As a PhD student at Princeton University, David Kushner spent long hours teasing out the development of geophysics as a scientific discipline. That analytical skill has served him well at Brooks Pierce, where he has spent even longer hours helping clients across the country master the most complex details of communications law.
And, as befits someone with a long history on campus, he has even pulled the occasional all‑nighter on behalf of clients. “I’m not sure I ever stayed up all night as a college student,” David said. “That’s only happened since becoming an attorney.”
In the field of communications and copyright law, David has established himself as a trusted counselor in every facet of the business. From the technical details of signal compression and propagation to the broader politics of copyright and communications regulation, David brings an unparalleled depth of knowledge to his practice. Equally comfortable in conversation with a company president or a broadcast engineer, David is able to serve as a comprehensive resource for clients.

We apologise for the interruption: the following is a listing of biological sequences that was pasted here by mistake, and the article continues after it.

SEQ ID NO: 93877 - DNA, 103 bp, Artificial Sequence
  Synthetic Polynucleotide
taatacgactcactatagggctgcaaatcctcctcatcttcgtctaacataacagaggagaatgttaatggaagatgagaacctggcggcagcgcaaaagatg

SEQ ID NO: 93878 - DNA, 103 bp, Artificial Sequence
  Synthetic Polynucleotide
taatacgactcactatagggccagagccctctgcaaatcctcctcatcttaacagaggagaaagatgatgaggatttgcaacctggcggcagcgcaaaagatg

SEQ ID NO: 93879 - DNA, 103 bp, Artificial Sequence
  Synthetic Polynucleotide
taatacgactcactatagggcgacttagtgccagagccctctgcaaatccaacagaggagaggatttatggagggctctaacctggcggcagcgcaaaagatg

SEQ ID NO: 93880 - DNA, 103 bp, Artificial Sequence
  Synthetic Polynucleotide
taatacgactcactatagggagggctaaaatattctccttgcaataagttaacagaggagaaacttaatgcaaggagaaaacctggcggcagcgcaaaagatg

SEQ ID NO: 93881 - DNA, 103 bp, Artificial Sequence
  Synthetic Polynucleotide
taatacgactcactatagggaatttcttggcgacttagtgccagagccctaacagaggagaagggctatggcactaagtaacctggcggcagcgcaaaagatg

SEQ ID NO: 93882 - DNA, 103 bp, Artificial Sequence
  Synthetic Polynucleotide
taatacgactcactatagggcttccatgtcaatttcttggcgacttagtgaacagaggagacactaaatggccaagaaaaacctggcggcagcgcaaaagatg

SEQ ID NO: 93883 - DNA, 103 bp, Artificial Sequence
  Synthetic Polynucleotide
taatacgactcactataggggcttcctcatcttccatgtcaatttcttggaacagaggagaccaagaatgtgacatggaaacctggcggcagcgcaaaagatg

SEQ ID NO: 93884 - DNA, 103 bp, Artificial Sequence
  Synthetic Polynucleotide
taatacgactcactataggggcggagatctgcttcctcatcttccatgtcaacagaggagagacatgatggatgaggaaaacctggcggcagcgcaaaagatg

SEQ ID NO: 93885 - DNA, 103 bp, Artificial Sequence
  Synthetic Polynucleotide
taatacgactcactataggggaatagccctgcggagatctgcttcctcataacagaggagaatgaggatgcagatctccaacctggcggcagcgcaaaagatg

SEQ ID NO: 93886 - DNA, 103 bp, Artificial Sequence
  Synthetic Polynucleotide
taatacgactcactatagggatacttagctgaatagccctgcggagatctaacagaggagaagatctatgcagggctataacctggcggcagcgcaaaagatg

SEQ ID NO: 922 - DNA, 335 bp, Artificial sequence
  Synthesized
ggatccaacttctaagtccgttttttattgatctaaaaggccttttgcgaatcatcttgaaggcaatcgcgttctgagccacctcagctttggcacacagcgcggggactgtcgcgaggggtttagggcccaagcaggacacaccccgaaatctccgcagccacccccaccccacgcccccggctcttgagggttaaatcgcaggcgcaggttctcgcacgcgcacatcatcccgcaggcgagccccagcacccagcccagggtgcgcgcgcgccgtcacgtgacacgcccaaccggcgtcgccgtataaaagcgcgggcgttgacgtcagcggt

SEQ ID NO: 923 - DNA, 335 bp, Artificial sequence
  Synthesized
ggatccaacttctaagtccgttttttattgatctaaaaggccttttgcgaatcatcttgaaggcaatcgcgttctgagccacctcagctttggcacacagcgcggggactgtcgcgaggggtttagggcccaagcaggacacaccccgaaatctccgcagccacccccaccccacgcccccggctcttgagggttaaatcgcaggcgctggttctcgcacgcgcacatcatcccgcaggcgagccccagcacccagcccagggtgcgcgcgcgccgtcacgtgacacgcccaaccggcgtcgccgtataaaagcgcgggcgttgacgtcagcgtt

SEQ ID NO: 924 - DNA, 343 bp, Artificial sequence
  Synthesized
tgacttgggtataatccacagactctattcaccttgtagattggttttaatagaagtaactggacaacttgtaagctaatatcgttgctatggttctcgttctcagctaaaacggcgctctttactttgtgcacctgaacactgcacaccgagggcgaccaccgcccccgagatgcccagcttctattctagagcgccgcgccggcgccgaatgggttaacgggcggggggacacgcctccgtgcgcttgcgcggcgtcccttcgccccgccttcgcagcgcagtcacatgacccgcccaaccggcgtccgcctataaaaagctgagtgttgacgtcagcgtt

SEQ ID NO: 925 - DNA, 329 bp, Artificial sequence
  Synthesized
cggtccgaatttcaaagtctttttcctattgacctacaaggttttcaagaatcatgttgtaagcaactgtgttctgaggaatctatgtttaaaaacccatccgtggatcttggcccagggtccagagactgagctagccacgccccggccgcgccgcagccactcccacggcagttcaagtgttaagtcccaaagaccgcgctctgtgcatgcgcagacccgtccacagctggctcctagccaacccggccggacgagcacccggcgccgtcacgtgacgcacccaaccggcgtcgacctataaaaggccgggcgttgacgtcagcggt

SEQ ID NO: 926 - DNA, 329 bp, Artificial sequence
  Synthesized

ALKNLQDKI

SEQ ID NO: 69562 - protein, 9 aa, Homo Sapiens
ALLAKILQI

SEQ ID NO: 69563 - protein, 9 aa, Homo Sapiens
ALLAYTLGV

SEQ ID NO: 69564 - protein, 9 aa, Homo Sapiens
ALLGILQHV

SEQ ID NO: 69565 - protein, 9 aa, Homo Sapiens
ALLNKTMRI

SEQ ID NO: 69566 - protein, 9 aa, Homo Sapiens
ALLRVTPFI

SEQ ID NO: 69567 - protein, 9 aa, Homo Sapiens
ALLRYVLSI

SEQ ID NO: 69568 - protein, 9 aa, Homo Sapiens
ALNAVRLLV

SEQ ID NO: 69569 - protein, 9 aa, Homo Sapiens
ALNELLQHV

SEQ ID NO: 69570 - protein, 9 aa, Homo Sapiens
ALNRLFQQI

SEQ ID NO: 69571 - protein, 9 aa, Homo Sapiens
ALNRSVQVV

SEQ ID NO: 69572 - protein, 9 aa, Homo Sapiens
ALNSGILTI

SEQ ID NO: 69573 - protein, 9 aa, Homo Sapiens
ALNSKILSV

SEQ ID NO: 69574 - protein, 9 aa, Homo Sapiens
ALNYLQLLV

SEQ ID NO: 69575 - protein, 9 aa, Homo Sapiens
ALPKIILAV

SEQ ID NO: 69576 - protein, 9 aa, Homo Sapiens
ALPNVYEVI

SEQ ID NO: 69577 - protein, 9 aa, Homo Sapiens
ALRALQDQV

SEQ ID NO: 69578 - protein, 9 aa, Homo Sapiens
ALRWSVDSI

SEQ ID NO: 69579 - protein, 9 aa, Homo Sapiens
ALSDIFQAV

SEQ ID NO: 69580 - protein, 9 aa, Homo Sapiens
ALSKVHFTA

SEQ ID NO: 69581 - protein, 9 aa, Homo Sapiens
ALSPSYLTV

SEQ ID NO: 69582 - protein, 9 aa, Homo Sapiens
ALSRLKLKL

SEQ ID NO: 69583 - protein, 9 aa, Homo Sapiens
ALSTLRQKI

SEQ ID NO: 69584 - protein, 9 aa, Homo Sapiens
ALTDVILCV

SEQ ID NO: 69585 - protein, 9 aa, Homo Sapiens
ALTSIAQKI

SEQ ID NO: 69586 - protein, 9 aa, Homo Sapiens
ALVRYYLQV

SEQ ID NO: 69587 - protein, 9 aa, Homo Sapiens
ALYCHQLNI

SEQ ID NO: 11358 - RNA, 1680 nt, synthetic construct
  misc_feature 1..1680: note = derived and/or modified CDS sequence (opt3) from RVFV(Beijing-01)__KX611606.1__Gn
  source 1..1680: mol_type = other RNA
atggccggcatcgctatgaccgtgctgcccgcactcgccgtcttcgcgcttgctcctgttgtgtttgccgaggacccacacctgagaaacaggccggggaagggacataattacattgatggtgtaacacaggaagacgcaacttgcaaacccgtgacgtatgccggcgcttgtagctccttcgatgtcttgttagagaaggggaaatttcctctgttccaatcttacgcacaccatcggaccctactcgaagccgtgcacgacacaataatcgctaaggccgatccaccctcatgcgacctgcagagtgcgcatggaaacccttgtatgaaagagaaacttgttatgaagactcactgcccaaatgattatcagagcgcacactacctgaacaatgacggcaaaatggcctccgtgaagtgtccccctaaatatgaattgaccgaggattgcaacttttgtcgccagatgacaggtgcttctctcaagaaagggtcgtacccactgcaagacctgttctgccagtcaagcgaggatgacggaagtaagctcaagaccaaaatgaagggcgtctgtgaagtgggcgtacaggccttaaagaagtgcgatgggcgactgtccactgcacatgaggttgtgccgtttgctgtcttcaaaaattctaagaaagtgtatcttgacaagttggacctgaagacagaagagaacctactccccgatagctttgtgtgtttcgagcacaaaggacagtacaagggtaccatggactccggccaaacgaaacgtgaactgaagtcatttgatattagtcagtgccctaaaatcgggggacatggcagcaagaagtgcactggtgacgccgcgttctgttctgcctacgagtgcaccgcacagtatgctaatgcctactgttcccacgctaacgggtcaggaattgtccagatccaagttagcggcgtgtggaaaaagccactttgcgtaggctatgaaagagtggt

As new technology has created dramatic changes in the media landscape, David has guided some of the nation’s largest media companies in creating new streams of revenue and exploring new means of delivering content. He has successfully negotiated many tens of millions of dollars in retransmission consent contracts, establishing Brooks Pierce as a key player in the complex marketplace for redistributing broadcast television signals.
With deep experience in commercial litigation and appellate practice, David has authored detailed briefs in support of First Amendment rights and helped clients navigate the ever‑changing field of federal indecency standards. His expertise in the arcana of copyright law has earned him a frequent spot as a guest speaker at the National Association of Broadcasters annual convention and the UNC Festival of Legal Learning.
“The wonderful thing about the dynamic realm of modern media is that there are always new challenges to sink your teeth into,” David said. But being a top media-industry counselor does have at least one drawback: “I don’t have much time to actually watch television,” David joked, “so I can give advice on just about everything—except what to watch.”